Enterprise social software or “Enterprise 2.0,” is a segment of business software that’s on the upswing. With a market currently valued at $700 million and a predicted compound annual growth rate of 61% this software segment, which provides Web 2.0 social media functions like those of Twitter and Facebook for a workplace environment, is one that many companies want to deploy and more and more developers want to provide.
In our recent primer on enterprise social we mentioned Microsoft’s entry into the segment with its purchase of Yammer, a firm that services more than 80% of the Fortune 500. Now, as part of the Microsoft Office Division, Yammer seems poised to tackle this segment backed by all the resources a huge and diversified player like Microsoft can provide.
Yammer got its start in 2008, founded by former PayPal COO David Sacks. The software itself has its roots in Geni, a program designed to trace genealogy and build and visualize family trees. Buzz for the company and its software built quickly, evidenced by the $142 million raised in venture funding in just a three-year period from 2009 to early 2012. When the company was purchased in June, 2012 it cashed out for a total of $1.2 billion, a price Microsoft was more than willing to pay.
The Microsoft buyout was driven not just by its interest in entering the enterprise social segment, but an appreciation of what CEO Steve Ballmer called Yammer’s “viral adoption model.”
What Ballmer was referring to is Yammer’s approach to easing prospective customers into picking up their software. The basic edition of Yammer is offered for free as a way to encourage test runs with the software. Being a cloud-hosted solution with a fully web-based interface makes it even easier for smaller groups or even individuals to download the basic software to experiment with it. From there goal is for people inside the company to see the prospective value Yammer can bring to their enterprise until it finds full implementation (and subscription) by IT departments.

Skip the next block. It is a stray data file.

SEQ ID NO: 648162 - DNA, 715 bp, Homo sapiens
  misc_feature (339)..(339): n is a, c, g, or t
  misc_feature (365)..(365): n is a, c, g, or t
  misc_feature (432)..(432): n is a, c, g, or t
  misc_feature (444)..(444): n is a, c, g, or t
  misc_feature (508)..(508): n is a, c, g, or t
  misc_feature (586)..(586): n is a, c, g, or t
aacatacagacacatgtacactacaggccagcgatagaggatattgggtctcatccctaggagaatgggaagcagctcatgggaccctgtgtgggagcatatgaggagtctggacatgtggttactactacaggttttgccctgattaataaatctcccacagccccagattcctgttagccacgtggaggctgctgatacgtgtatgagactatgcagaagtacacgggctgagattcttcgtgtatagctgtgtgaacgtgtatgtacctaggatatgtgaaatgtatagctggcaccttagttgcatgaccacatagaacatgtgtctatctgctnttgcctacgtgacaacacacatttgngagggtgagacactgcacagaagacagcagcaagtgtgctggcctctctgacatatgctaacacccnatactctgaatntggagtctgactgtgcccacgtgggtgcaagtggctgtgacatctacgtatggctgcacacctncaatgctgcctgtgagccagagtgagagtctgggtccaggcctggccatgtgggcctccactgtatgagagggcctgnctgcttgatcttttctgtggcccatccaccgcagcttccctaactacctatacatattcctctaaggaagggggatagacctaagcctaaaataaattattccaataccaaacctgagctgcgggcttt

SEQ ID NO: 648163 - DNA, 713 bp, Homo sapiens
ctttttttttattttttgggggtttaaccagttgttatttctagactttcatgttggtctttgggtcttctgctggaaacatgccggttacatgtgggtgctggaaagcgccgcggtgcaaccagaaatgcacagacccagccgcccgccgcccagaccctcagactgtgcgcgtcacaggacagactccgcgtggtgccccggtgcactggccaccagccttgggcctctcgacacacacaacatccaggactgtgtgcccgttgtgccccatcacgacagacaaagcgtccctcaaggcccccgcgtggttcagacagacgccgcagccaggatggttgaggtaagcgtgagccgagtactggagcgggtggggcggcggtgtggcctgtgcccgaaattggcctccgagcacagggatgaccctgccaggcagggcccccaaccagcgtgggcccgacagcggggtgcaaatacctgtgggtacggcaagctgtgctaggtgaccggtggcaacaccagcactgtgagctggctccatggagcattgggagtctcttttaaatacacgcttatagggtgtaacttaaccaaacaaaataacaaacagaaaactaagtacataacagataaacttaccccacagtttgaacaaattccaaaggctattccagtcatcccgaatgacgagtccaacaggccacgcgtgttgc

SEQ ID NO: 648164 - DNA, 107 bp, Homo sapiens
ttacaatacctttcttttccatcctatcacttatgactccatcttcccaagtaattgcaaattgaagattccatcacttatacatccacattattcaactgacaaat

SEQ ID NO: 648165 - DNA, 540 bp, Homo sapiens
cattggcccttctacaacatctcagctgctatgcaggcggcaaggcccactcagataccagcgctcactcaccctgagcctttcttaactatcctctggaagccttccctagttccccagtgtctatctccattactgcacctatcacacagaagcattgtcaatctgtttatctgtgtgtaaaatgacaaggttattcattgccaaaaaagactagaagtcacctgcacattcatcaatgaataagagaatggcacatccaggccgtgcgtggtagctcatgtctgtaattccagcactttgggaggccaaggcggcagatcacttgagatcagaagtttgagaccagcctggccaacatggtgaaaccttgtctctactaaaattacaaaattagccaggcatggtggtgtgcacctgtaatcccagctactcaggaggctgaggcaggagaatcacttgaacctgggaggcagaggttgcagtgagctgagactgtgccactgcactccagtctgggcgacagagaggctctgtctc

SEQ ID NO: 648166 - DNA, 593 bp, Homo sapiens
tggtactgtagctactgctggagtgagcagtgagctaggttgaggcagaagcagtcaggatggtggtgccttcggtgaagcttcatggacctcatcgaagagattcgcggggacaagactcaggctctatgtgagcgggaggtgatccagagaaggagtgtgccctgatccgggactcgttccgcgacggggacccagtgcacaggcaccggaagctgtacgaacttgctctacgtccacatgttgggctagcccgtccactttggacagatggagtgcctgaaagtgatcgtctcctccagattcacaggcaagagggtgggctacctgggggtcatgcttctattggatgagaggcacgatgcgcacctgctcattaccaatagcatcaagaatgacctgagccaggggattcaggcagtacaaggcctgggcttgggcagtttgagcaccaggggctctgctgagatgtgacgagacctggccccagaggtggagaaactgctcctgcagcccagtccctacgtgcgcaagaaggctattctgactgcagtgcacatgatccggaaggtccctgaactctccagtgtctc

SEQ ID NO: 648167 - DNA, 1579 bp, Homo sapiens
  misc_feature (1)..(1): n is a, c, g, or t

Yammer’s lightweight, Facebook-like interface is accessible on any computer with internet access and many different mobile devices. What the software provides is a secure social network for company employees to share information and documents as well as communicate inside and outside of their departments. User profiles also serve a secondary purpose as detailed employee records and bios listing skill sets and previous accomplishments. Additionally, features like quantifying praise for good work through built-in merit badges and achievements dabble in the sort of gamification elements that purport to boost productivity.
It hasn’t all been rosy for the Yammer team, however. The service’s website has suffered a series of outages throughout its run, most notably the day after its $1.2 billion purchase by Microsoft. Despite those setbacks, Yammer still looks like it will be a competitor in this growing segment.
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